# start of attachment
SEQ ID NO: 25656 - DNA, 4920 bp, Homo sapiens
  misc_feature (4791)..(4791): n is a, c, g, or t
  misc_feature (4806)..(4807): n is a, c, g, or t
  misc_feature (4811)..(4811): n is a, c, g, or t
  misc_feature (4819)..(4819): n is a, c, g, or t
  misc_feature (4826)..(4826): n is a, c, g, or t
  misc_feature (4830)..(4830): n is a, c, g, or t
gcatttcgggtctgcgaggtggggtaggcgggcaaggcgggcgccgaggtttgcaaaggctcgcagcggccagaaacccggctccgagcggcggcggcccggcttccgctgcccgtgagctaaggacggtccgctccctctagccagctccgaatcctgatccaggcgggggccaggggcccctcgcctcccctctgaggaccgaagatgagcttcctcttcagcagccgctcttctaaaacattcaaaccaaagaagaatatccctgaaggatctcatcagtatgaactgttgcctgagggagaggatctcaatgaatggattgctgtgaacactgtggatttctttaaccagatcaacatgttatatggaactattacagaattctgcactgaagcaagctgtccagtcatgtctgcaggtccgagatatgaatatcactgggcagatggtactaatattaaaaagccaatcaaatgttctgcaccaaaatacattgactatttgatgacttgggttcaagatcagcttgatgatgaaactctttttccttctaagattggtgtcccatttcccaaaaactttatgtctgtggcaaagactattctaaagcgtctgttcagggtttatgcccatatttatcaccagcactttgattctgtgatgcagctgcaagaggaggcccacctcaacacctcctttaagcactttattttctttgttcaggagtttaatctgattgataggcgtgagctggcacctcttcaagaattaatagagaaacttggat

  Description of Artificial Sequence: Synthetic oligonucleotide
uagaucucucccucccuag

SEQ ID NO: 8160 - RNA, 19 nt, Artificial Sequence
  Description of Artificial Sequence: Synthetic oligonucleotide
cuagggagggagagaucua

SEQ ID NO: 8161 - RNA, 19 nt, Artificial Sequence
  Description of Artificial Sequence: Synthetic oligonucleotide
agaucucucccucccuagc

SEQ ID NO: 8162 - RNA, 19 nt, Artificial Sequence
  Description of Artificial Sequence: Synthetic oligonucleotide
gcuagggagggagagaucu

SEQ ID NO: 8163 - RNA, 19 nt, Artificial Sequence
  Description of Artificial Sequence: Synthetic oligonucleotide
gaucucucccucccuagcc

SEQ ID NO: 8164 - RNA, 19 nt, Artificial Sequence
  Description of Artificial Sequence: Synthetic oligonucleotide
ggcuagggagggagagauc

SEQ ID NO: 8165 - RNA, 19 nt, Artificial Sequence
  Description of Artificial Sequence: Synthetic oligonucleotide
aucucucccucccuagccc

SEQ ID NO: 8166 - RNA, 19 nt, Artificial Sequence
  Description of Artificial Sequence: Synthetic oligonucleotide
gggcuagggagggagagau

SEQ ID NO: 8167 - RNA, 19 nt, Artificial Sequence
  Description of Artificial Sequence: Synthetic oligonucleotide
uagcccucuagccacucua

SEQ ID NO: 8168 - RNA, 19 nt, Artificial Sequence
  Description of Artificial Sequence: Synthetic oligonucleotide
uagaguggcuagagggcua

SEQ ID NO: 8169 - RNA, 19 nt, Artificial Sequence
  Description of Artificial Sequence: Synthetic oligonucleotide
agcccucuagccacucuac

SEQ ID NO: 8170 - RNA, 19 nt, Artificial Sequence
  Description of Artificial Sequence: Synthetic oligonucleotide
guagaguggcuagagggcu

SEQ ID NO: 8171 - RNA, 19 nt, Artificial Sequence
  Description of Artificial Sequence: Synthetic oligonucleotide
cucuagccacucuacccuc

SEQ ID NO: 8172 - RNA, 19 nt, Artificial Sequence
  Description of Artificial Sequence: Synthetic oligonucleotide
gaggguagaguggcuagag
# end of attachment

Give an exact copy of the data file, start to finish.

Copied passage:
SEQ ID NO: 25656 - DNA, 4920 bp, Homo sapiens
  misc_feature (4791)..(4791): n is a, c, g, or t
  misc_feature (4806)..(4807): n is a, c, g, or t
  misc_feature (4811)..(4811): n is a, c, g, or t
  misc_feature (4819)..(4819): n is a, c, g, or t
  misc_feature (4826)..(4826): n is a, c, g, or t
  misc_feature (4830)..(4830): n is a, c, g, or t
gcatttcgggtctgcgaggtggggtaggcgggcaaggcgggcgccgaggtttgcaaaggctcgcagcggccagaaacccggctccgagcggcggcggcccggcttccgctgcccgtgagctaaggacggtccgctccctctagccagctccgaatcctgatccaggcgggggccaggggcccctcgcctcccctctgaggaccgaagatgagcttcctcttcagcagccgctcttctaaaacattcaaaccaaagaagaatatccctgaaggatctcatcagtatgaactgttgcctgagggagaggatctcaatgaatggattgctgtgaacactgtggatttctttaaccagatcaacatgttatatggaactattacagaattctgcactgaagcaagctgtccagtcatgtctgcaggtccgagatatgaatatcactgggcagatggtactaatattaaaaagccaatcaaatgttctgcaccaaaatacattgactatttgatgacttgggttcaagatcagcttgatgatgaaactctttttccttctaagattggtgtcccatttcccaaaaactttatgtctgtggcaaagactattctaaagcgtctgttcagggtttatgcccatatttatcaccagcactttgattctgtgatgcagctgcaagaggaggcccacctcaacacctcctttaagcactttattttctttgttcaggagtttaatctgattgataggcgtgagctggcacctcttcaagaattaatagagaaacttggat

  Description of Artificial Sequence: Synthetic oligonucleotide
uagaucucucccucccuag

SEQ ID NO: 8160 - RNA, 19 nt, Artificial Sequence
  Description of Artificial Sequence: Synthetic oligonucleotide
cuagggagggagagaucua

SEQ ID NO: 8161 - RNA, 19 nt, Artificial Sequence
  Description of Artificial Sequence: Synthetic oligonucleotide
agaucucucccucccuagc

SEQ ID NO: 8162 - RNA, 19 nt, Artificial Sequence
  Description of Artificial Sequence: Synthetic oligonucleotide
gcuagggagggagagaucu

SEQ ID NO: 8163 - RNA, 19 nt, Artificial Sequence
  Description of Artificial Sequence: Synthetic oligonucleotide
gaucucucccucccuagcc

SEQ ID NO: 8164 - RNA, 19 nt, Artificial Sequence
  Description of Artificial Sequence: Synthetic oligonucleotide
ggcuagggagggagagauc

SEQ ID NO: 8165 - RNA, 19 nt, Artificial Sequence
  Description of Artificial Sequence: Synthetic oligonucleotide
aucucucccucccuagccc

SEQ ID NO: 8166 - RNA, 19 nt, Artificial Sequence
  Description of Artificial Sequence: Synthetic oligonucleotide
gggcuagggagggagagau

SEQ ID NO: 8167 - RNA, 19 nt, Artificial Sequence
  Description of Artificial Sequence: Synthetic oligonucleotide
uagcccucuagccacucua

SEQ ID NO: 8168 - RNA, 19 nt, Artificial Sequence
  Description of Artificial Sequence: Synthetic oligonucleotide
uagaguggcuagagggcua

SEQ ID NO: 8169 - RNA, 19 nt, Artificial Sequence
  Description of Artificial Sequence: Synthetic oligonucleotide
agcccucuagccacucuac

SEQ ID NO: 8170 - RNA, 19 nt, Artificial Sequence
  Description of Artificial Sequence: Synthetic oligonucleotide
guagaguggcuagagggcu

SEQ ID NO: 8171 - RNA, 19 nt, Artificial Sequence
  Description of Artificial Sequence: Synthetic oligonucleotide
cucuagccacucuacccuc

SEQ ID NO: 8172 - RNA, 19 nt, Artificial Sequence
  Description of Artificial Sequence: Synthetic oligonucleotide
gaggguagaguggcuagag